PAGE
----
Posts for tag: sensitive teeth

By Wayne Cook, D.D.S.
September 15, 2017
Category: Oral Health
Tags: sensitive teeth  
The3TopCausesforToothSensitivity

Like other living tissue, your teeth can feel. Dentin, the layer below the enamel, houses fluid-filled conduits that transmit temperature or pressure sensations to a nerve network within the tooth’s inner pulp. It’s so effective that incoming sensations must be buffered — “toned down”— to avoid a painful overload of the nerves. The enamel above the gum line and a bone-like substance called cementum below help do this.

Unfortunately, if teeth lose this protection they can become hypersensitive. This can cause a flash of sharp pain while eating or drinking something cold or hot or just biting down.

There are a number of causes for tooth sensitivity, any of which can influence how we treat it. While you’ll need a dental exam to know for sure, your hypersensitivity will more than likely stem from one of these 3 problems.

Periodontal (gum) disease. This is an infection caused by bacterial plaque, a thin film of bacteria and food particles that accumulates on the teeth due to poor oral hygiene. The inflamed gum tissues weaken and detach from the teeth, causing them to shrink back or recede. This leaves the cementum unprotected, which easily erodes and exposes the dentin to acid and bacteria — and hypersensitivity. Clinically removing the plaque helps the affected gums heal. In extreme cases, the gums may need surgical grafting to regenerate.

Overaggressive brushing. While a lack of oral hygiene can contribute to gum recession, ironically too much hygiene — brushing too hard for too long — can damage your gums and cause them to recede. Brushing really doesn’t require a lot of elbow grease — a gentle scrubbing motion over all tooth surfaces is sufficient to remove plaque. Fine-tuning your brushing will help your gums to recover and heal.

Mouth acid. Although quite strong, enamel has one formidable enemy: acid, which can erode enamel and expose the dentin. Over-indulgence in acidic foods and beverages can make your mouth more acidic; more likely, though, bacterial plaque will again be the culprit, because bacteria excrete an acidic waste product. You can reduce mouth acid with daily brushing and flossing and consuming less acidic foods and beverages.

If you’re experiencing any kind of tooth pain, see us for an examination. We’ll determine the cause and initiate the appropriate treatment to regain your oral health.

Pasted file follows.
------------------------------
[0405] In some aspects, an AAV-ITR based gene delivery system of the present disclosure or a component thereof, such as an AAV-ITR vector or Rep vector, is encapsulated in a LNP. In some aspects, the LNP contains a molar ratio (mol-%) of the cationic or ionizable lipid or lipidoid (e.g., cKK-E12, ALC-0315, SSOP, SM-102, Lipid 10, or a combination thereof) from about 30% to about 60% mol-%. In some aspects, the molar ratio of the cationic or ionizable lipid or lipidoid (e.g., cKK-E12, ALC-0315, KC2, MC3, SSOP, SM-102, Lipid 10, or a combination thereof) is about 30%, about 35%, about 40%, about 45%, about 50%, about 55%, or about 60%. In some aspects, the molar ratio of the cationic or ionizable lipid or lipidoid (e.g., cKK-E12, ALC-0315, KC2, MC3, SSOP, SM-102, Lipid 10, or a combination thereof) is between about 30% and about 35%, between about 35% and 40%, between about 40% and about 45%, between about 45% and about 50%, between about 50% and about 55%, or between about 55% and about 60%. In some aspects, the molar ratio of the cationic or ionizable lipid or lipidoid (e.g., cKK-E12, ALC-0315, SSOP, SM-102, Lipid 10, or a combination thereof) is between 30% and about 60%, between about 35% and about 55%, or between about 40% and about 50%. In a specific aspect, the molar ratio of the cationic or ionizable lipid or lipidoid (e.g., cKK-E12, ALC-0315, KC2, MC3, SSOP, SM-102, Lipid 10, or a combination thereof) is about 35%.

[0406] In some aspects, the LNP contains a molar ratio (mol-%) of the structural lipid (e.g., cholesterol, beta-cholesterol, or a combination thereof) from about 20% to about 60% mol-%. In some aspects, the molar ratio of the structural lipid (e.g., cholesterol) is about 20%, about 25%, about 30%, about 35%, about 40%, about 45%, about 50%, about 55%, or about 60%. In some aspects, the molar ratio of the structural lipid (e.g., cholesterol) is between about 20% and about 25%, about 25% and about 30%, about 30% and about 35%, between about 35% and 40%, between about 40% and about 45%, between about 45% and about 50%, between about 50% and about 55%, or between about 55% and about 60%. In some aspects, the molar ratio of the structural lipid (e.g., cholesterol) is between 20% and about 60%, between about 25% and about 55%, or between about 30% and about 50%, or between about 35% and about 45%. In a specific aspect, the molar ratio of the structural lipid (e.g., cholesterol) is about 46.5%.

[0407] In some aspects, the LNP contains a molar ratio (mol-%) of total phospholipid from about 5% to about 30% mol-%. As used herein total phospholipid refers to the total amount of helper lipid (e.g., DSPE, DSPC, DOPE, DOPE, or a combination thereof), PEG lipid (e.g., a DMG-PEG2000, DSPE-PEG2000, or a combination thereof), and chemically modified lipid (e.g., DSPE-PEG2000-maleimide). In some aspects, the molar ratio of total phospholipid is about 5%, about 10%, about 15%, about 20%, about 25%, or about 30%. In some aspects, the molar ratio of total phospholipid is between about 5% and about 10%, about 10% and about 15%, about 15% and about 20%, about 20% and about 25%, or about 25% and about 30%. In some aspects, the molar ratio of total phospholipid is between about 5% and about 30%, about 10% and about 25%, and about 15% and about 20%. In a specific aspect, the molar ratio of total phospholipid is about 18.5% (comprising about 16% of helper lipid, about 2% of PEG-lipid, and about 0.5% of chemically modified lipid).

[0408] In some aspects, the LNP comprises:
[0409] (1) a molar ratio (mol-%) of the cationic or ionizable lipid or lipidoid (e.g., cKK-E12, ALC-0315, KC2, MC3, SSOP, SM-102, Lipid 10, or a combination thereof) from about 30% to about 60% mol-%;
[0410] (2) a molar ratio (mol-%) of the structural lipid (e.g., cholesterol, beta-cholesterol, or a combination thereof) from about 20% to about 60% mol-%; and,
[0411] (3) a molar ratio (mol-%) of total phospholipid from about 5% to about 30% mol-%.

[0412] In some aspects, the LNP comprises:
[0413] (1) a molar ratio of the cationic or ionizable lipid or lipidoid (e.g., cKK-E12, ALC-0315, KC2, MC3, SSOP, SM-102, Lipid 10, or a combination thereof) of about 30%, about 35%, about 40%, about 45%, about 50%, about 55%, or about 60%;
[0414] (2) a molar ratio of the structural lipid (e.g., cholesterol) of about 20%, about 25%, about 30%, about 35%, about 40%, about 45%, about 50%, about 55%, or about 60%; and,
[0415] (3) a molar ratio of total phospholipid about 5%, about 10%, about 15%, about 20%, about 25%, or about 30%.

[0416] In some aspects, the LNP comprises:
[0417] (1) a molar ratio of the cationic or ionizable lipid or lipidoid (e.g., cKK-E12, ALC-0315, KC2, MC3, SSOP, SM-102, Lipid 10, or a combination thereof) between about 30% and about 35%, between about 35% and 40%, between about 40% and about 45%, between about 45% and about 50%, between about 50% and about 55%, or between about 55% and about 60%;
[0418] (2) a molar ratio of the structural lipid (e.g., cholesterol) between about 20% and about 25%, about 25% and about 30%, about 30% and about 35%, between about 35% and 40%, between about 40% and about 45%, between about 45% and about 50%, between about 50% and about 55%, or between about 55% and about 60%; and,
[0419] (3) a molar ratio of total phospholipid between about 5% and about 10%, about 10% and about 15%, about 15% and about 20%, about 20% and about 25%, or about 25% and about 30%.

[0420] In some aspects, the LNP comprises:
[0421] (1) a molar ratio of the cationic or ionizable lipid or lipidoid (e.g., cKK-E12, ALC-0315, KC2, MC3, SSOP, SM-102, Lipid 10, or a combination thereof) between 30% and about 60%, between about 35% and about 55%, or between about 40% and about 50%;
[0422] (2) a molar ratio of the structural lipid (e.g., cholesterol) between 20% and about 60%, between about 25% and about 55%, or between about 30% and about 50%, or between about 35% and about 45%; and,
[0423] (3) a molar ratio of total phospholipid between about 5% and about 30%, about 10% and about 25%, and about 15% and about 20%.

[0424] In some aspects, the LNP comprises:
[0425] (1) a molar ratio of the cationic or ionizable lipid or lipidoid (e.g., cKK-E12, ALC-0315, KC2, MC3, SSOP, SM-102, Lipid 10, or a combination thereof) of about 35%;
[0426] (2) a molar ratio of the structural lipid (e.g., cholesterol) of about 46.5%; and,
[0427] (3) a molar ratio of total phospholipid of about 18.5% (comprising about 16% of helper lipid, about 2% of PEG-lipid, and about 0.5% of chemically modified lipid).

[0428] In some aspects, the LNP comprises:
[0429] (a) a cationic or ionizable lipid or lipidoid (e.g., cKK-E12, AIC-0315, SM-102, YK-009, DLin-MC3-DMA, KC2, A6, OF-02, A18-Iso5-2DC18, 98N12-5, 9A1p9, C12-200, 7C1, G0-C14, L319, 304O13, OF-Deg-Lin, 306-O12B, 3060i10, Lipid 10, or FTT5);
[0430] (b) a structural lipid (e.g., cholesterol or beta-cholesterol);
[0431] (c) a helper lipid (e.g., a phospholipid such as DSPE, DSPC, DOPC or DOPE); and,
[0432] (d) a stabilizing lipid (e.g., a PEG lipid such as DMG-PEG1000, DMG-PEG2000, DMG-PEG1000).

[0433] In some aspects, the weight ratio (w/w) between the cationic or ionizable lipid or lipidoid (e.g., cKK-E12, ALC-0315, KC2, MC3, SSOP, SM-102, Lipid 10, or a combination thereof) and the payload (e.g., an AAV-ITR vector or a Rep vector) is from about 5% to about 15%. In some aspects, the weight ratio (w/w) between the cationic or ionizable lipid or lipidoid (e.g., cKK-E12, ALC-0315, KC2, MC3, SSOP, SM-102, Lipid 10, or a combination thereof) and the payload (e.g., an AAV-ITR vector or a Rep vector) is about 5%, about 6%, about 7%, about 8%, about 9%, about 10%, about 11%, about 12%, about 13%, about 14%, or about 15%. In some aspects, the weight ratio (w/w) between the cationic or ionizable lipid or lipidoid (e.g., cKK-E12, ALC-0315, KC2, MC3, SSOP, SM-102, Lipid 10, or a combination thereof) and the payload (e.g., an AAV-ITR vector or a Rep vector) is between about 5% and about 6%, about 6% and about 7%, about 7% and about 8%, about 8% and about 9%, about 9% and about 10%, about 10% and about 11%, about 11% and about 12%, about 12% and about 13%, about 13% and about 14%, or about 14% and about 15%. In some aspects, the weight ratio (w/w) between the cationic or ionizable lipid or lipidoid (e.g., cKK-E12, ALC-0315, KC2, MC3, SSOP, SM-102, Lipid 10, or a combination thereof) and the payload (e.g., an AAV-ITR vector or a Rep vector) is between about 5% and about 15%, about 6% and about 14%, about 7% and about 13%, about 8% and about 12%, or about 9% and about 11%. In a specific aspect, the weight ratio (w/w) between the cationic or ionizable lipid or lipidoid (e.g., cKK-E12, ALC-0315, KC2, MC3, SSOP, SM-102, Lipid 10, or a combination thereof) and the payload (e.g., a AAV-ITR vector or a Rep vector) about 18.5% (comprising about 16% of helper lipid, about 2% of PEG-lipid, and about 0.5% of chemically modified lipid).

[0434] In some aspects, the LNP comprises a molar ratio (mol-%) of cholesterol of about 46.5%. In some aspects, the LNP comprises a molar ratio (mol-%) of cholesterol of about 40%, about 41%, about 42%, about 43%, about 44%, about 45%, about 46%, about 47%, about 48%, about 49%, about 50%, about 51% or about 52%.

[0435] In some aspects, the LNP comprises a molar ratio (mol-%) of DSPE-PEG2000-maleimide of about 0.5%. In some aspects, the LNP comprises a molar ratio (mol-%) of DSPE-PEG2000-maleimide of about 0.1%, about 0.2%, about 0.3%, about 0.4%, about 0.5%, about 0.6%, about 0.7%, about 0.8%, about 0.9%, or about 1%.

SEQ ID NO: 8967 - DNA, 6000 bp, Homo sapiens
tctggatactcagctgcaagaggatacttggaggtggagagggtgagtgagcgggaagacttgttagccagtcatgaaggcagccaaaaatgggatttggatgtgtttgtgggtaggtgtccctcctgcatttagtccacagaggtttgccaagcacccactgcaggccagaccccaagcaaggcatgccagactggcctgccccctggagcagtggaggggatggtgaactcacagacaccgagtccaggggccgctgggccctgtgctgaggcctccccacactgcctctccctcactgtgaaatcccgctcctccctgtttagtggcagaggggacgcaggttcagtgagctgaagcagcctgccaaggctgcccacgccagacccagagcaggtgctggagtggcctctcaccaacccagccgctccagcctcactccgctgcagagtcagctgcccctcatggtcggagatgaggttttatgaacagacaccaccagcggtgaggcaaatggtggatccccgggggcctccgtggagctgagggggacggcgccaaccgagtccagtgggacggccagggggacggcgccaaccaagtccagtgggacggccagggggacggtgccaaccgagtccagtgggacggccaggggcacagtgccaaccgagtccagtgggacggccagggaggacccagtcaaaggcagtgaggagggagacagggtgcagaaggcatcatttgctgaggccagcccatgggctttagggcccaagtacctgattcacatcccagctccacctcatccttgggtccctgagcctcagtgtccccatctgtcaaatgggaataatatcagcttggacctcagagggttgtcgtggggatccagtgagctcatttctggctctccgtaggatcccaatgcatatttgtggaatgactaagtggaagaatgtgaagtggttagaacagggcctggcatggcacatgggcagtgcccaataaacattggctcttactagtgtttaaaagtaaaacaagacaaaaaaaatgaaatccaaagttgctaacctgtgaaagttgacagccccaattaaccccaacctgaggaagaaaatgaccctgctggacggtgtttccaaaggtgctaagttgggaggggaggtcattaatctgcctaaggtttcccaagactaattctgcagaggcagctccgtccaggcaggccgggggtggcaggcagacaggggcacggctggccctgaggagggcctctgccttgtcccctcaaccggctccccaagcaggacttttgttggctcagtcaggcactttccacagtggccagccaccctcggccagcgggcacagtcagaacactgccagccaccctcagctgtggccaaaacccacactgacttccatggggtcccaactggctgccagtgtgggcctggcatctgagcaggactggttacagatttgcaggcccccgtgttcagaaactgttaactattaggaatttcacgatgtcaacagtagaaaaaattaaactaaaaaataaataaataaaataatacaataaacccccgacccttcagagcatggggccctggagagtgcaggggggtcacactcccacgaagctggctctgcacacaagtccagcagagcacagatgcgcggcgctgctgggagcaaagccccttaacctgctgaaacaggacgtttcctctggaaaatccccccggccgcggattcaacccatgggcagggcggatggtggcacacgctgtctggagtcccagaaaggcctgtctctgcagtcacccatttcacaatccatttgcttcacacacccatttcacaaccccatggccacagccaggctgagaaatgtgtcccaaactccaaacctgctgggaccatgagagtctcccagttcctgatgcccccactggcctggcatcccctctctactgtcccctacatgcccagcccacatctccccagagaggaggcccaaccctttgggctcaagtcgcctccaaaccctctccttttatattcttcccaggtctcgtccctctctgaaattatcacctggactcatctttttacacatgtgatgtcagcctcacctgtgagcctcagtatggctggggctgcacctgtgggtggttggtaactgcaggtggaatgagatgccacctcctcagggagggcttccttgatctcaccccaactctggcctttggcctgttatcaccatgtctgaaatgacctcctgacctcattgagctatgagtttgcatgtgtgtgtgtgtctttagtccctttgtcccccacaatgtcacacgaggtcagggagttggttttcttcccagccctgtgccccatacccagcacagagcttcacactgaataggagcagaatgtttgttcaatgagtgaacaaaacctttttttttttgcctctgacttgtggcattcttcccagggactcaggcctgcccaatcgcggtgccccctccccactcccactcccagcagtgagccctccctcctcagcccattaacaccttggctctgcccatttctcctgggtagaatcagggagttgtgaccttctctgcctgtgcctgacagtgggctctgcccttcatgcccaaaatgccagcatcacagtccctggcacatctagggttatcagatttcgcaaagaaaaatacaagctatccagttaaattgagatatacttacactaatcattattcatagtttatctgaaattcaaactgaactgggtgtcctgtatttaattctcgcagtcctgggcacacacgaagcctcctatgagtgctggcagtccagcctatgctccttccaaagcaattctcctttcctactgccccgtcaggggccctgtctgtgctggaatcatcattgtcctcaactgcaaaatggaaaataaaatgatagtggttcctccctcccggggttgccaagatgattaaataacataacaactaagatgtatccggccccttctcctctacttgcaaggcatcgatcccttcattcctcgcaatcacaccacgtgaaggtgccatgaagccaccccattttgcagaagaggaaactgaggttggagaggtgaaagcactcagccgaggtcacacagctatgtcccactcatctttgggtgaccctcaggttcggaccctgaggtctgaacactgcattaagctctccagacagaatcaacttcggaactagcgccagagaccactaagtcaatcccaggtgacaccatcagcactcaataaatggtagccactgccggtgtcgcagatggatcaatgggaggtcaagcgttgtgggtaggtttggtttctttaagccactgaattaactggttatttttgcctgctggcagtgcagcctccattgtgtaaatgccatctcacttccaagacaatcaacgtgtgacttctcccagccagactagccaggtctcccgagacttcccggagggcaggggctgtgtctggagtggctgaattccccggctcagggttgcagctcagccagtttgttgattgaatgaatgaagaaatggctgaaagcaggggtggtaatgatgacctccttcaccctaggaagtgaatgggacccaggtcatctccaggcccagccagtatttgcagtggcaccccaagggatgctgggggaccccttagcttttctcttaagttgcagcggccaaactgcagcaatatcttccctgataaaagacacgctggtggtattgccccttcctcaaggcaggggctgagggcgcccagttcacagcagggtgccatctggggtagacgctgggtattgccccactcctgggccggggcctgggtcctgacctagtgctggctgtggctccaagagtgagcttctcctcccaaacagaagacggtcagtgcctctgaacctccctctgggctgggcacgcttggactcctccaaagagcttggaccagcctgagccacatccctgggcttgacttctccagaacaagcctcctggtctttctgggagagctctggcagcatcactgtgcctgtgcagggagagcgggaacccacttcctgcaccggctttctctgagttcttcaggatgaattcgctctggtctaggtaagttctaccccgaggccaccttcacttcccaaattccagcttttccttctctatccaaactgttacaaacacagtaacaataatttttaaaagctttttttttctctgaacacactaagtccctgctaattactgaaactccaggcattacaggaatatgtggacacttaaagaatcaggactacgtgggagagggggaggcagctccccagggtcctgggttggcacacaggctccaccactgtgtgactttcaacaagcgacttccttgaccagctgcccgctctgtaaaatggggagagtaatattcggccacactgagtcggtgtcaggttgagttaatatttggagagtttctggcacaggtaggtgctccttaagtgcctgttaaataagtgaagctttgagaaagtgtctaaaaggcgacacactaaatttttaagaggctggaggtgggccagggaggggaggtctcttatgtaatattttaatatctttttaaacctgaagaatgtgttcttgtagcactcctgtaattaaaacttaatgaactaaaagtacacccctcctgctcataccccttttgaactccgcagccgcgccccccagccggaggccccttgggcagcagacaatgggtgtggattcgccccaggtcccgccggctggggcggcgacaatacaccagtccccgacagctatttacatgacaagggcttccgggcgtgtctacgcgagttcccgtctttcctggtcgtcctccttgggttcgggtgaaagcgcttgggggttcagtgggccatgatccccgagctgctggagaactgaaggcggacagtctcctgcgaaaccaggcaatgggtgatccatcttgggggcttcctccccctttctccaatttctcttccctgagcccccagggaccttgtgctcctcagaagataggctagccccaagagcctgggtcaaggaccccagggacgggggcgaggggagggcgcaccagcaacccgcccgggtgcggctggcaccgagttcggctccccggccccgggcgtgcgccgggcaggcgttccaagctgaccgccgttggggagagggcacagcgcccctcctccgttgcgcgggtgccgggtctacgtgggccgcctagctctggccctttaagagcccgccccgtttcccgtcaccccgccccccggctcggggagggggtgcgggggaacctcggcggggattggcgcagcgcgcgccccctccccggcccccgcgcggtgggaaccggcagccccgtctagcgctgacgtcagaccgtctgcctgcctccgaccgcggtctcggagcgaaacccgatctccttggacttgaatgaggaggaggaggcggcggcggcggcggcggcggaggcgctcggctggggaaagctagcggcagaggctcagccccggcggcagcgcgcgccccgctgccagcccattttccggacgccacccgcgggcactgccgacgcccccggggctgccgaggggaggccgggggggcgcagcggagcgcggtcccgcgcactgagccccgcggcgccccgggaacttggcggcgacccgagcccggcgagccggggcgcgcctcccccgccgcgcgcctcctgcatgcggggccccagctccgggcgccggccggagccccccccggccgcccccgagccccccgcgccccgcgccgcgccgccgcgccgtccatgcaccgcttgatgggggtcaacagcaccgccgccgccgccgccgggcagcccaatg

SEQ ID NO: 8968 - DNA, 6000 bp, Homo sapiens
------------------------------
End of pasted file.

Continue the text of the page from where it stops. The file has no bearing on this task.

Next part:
If you would like more information on tooth sensitivity, please contact us or schedule an appointment for a consultation. You can also learn more about this topic by reading the Dear Doctor magazine article “Treatment of Tooth Sensitivity: Understanding Your Options.”

By Wayne Cook, D.D.S.
October 18, 2013
Category: Oral Health
Tags: sensitive teeth  
WhatCausesDentalDiscomfort

Nothing ruins a thirst-quenching cold beverage or a dish of your favorite ice cream like a sudden pang of tooth sensitivity. If you're experiencing this problem — and especially if there are other triggers, like biting down — we encourage you to make an appointment. It could be something harmless and temporary, but it's always prudent to check. At the very least, you'll feel better once the underlying problem is identified and treated if necessary.

Here are some common sources of tooth sensitivity:

  • Enamel erosion — typically caused by acidic beverages/food, regurgitation of stomach acids (due to gastroesophageal reflux disease [GERD] or the eating disorder bulimia), or improper brushing
  • Tooth decay — a sugary diet and poor dental hygiene may be contributing factors
  • Tooth fracture or chipping due to tooth grinding (bruxism) or other trauma
  • Gum recession due to age, improper tooth brushing, or gum disease
  • Filling that needs repair or replacement
  • Residual effects of recent dental work

Some things you can try at home to minimize sensitivity include:

  • Ease up on the toothbrush; a light touch is all that's needed to dislodge daily plaque build-up
  • Try using fluoride-containing toothpaste like an ointment over the affected area (fluoride decreases fluid exchange from the oral environment to the nerve inside the tooth)
  • Take a non-steroidal anti-inflammatory such as ibuprofen (use judiciously and according to the package insert guidelines)

Discomfort related to recent dental work should resolve on its own; give it several weeks. If you're feeling discomfort for another reason, even if the sensitivity subsides, the underlying cause may still require attention.

If you would like more information about tooth sensitivity, please contact us or schedule an appointment for a consultation. You can also learn more about this topic by reading the Dear Doctor magazine article “Sensitive Teeth.”



Marion, AR Family Dentist
Wayne Cook, D.D.S.
303 Bancario Rd.Suite 7
Marion, AR 72364
870-739-8799
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